During the summer months, Isaac's walks ends when one of the following occurs: either 30 minutes has passed, or his American Eskimo mohawk can no longer take the heat. With the rest of the region, he longed for cooler days. Even though the first day of autumn was officially last Thursday, the temperatures were not "fall-like" until this week.
When we embarked on our walk on Tuesday morning, I was finally able to wear a light jacket, and there was an extra spring in Isaac's trot. When we reached the point that he usually turned back towards home in a pant, he wanted to go further instead.
The sky was a brilliant sunrise, and I happily obliged his longer route. We circled back to Main Street when he pointed his nose in another direction. He wanted to go on an even longer walk! Decreased temps had increased the pup's energy, and he was a long way from worn out.
I talked him into a shortcut since one of us actually did have to go to work. When we got home, I checked my FitBit to see how far my tired feet had traveled. Five thousand steps. Two miles.
In less than 24 hours we had doubled our distance--all because of the season's change.
The season of autumn does usher in a new pace. The 'cool snap' speeds us up. We emerge from air conditioned confines to the pleasant outdoors of falling leaves. Like Isaac, many of us have that extra spurt of joy in our trot.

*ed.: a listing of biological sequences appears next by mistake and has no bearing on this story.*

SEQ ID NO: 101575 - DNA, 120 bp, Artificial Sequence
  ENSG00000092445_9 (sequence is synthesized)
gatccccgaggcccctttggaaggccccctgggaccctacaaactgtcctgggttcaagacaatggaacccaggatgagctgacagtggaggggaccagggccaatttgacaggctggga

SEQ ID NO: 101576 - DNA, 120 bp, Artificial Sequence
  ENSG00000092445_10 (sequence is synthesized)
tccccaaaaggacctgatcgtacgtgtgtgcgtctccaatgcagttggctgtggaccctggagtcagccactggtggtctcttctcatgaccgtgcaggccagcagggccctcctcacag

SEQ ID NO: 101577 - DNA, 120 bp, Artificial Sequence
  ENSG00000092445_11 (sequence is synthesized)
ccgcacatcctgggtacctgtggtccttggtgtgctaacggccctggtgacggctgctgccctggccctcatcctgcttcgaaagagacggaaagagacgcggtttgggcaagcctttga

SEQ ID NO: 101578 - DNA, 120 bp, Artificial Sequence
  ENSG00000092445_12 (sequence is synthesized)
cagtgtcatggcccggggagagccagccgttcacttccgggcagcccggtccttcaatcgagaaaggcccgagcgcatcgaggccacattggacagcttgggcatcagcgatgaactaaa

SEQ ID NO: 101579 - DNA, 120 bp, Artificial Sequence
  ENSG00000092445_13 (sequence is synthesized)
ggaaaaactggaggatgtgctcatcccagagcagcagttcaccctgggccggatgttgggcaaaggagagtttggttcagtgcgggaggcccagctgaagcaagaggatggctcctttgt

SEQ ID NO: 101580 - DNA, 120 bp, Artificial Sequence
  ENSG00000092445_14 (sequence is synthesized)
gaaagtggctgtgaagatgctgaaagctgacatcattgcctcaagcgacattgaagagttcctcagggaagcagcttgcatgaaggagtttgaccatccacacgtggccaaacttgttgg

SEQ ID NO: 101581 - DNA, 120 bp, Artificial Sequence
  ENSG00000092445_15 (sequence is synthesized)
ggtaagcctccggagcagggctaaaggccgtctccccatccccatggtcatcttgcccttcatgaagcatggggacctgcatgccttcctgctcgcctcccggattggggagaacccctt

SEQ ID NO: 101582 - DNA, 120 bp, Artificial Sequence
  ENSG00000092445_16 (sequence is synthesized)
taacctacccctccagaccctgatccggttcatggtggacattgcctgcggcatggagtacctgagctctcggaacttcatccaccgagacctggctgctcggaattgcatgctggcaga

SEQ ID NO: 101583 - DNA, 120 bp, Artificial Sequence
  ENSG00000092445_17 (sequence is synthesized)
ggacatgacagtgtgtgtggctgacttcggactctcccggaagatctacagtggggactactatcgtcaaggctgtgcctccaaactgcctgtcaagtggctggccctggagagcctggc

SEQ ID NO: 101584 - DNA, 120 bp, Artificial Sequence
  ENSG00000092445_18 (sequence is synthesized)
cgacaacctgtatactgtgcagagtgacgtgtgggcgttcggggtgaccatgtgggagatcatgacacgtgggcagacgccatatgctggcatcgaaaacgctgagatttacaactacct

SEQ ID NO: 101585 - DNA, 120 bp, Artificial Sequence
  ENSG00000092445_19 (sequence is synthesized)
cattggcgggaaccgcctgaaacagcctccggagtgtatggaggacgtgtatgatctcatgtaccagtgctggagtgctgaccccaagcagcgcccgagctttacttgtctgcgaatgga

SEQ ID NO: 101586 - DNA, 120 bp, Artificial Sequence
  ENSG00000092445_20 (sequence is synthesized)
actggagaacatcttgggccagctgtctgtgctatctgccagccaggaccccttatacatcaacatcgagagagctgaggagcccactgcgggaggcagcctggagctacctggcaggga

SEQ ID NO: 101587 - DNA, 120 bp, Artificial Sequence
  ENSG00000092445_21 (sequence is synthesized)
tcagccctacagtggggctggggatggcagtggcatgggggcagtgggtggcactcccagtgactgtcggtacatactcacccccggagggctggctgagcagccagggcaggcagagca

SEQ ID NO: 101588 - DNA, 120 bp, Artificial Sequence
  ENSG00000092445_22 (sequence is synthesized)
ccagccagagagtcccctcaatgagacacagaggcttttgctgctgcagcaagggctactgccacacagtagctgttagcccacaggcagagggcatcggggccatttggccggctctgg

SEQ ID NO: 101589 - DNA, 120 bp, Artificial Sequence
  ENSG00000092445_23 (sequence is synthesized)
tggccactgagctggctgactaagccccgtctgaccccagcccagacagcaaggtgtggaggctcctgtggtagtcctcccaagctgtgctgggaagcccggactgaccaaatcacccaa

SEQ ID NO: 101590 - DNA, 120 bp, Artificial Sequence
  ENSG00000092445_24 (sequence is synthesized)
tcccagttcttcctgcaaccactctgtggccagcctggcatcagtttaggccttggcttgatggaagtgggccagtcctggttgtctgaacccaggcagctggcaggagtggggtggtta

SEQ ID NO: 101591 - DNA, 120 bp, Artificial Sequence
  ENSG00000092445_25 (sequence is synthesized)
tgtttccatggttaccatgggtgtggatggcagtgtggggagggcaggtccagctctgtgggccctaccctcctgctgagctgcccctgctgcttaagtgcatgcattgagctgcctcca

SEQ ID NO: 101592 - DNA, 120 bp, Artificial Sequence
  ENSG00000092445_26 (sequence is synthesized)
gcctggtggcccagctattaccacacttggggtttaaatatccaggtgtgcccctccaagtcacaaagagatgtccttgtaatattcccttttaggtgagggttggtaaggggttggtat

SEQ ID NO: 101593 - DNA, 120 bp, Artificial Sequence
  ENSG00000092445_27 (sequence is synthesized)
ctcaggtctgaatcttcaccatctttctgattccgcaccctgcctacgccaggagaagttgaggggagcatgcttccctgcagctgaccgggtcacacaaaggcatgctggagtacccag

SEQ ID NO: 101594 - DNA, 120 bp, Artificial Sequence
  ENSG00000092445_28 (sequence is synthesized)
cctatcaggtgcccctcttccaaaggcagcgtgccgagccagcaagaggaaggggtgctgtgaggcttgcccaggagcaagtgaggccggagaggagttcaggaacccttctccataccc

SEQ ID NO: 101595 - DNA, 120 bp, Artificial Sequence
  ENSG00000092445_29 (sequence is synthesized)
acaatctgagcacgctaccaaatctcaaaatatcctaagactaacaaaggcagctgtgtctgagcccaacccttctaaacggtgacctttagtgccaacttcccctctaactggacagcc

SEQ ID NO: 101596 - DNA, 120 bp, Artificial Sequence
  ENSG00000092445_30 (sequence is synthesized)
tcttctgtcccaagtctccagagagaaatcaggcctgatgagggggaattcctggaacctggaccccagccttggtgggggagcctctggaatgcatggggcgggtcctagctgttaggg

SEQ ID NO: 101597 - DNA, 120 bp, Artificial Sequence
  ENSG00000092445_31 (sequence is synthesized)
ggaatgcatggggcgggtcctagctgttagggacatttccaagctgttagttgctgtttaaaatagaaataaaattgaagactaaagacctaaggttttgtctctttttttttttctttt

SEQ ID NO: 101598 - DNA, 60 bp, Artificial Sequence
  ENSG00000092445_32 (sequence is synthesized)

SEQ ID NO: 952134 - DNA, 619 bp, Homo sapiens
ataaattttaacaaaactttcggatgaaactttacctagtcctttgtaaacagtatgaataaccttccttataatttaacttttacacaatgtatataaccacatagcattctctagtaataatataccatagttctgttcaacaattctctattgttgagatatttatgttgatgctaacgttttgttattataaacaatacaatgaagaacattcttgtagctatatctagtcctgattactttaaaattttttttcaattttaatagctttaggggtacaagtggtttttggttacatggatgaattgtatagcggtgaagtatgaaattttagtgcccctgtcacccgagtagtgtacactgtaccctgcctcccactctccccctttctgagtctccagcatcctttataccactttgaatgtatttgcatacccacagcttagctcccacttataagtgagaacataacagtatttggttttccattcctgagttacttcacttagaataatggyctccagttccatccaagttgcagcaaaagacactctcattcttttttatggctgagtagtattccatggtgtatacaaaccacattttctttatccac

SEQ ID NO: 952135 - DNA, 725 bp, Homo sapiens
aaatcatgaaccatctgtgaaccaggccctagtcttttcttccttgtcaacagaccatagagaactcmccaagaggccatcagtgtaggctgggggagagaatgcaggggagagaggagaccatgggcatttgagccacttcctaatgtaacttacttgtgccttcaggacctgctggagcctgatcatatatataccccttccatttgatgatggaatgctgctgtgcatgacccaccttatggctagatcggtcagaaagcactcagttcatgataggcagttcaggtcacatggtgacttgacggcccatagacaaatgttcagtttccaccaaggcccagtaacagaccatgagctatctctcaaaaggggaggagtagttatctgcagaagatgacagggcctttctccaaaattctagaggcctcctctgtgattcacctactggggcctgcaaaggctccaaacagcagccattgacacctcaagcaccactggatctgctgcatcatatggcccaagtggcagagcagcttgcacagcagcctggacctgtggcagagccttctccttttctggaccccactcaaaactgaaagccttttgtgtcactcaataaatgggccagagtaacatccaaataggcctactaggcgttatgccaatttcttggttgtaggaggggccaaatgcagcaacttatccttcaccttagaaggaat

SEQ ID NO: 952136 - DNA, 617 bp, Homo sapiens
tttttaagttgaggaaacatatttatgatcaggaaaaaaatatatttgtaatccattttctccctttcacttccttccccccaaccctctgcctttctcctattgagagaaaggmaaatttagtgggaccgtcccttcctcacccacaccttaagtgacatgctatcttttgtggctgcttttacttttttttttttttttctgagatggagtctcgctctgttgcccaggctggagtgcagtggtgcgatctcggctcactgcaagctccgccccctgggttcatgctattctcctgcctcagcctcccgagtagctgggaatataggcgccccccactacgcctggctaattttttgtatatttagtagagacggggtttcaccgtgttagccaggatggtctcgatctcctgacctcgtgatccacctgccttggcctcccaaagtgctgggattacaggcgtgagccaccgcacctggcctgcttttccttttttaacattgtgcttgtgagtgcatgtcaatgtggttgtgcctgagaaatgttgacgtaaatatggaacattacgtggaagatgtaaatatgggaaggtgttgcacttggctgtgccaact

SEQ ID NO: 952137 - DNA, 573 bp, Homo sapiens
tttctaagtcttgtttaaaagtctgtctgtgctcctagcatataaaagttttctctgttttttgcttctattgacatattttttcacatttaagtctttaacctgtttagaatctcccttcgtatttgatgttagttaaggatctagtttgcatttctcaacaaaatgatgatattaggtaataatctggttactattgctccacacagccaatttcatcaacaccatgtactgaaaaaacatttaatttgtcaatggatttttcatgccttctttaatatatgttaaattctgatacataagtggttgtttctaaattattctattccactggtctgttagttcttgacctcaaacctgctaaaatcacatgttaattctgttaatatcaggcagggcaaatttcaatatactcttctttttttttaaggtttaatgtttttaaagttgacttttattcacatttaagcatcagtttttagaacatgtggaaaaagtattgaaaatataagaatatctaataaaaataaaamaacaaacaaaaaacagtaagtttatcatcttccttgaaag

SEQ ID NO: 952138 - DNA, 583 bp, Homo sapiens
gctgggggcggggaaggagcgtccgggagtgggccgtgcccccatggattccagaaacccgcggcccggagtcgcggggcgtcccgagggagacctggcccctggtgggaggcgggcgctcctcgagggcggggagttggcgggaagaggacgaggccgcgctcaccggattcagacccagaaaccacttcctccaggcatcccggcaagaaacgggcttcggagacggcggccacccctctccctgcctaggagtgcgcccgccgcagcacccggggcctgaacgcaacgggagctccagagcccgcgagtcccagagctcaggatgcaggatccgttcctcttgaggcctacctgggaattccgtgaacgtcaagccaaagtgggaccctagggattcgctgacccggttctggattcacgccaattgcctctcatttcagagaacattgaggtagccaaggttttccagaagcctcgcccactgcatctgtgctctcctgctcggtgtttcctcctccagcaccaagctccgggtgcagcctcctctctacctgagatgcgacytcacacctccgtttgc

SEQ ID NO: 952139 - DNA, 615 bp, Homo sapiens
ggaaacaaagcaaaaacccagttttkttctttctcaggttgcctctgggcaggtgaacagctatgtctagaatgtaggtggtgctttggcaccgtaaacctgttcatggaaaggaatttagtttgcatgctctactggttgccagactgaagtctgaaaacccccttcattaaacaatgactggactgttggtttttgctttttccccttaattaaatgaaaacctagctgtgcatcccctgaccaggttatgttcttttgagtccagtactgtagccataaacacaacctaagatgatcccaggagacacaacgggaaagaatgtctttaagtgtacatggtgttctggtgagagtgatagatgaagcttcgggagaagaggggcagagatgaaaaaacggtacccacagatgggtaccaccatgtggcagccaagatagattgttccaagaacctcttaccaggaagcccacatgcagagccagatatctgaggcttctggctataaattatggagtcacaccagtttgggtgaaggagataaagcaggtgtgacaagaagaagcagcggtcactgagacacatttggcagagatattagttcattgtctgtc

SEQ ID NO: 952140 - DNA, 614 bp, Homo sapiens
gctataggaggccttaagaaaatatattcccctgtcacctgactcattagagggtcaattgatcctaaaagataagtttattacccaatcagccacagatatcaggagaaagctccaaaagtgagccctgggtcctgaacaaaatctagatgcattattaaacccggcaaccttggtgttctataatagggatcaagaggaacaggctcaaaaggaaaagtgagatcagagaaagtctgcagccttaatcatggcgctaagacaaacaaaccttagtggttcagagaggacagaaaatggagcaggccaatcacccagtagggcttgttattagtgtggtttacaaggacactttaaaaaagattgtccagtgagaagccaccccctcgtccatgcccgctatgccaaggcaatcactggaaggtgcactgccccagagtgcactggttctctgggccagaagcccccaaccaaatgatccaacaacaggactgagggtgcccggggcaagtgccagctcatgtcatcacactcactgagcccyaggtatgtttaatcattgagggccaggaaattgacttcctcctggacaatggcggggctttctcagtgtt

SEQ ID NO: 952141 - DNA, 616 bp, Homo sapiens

Yet this is also the season where we soon say that time moves too quickly. We're in the double digit months! Thanksgiving is so close! Then it's Christmas! Oh no, it's 2017!
If we're not careful, our trot becomes a sprint, and we pass out from exhaustion. We walk and walk and walk only to discover how far we are from the home of peace. If I had let Isaac lead for that whole walk, we'd be near the Alabama state line now, and I would have needed an Uber to get home.
God's new thing in our lives is as exciting as the season's first cool snap, but we must not let zeal for what's ahead steal our joy of the present moment. The New King James Version of Isaiah 43:19 begins with the word, "Behold..." I wish our more modern translations had held on to that word.
Stop between the old and the new to breathe in God's goodness.
Pause to see what's right in front of us.
Behold.... the Lamb of God ... who takes away the sins of the world....
all good things, and cool walks, to each of you,
Pastor Darian (and Paw-stor Isaac)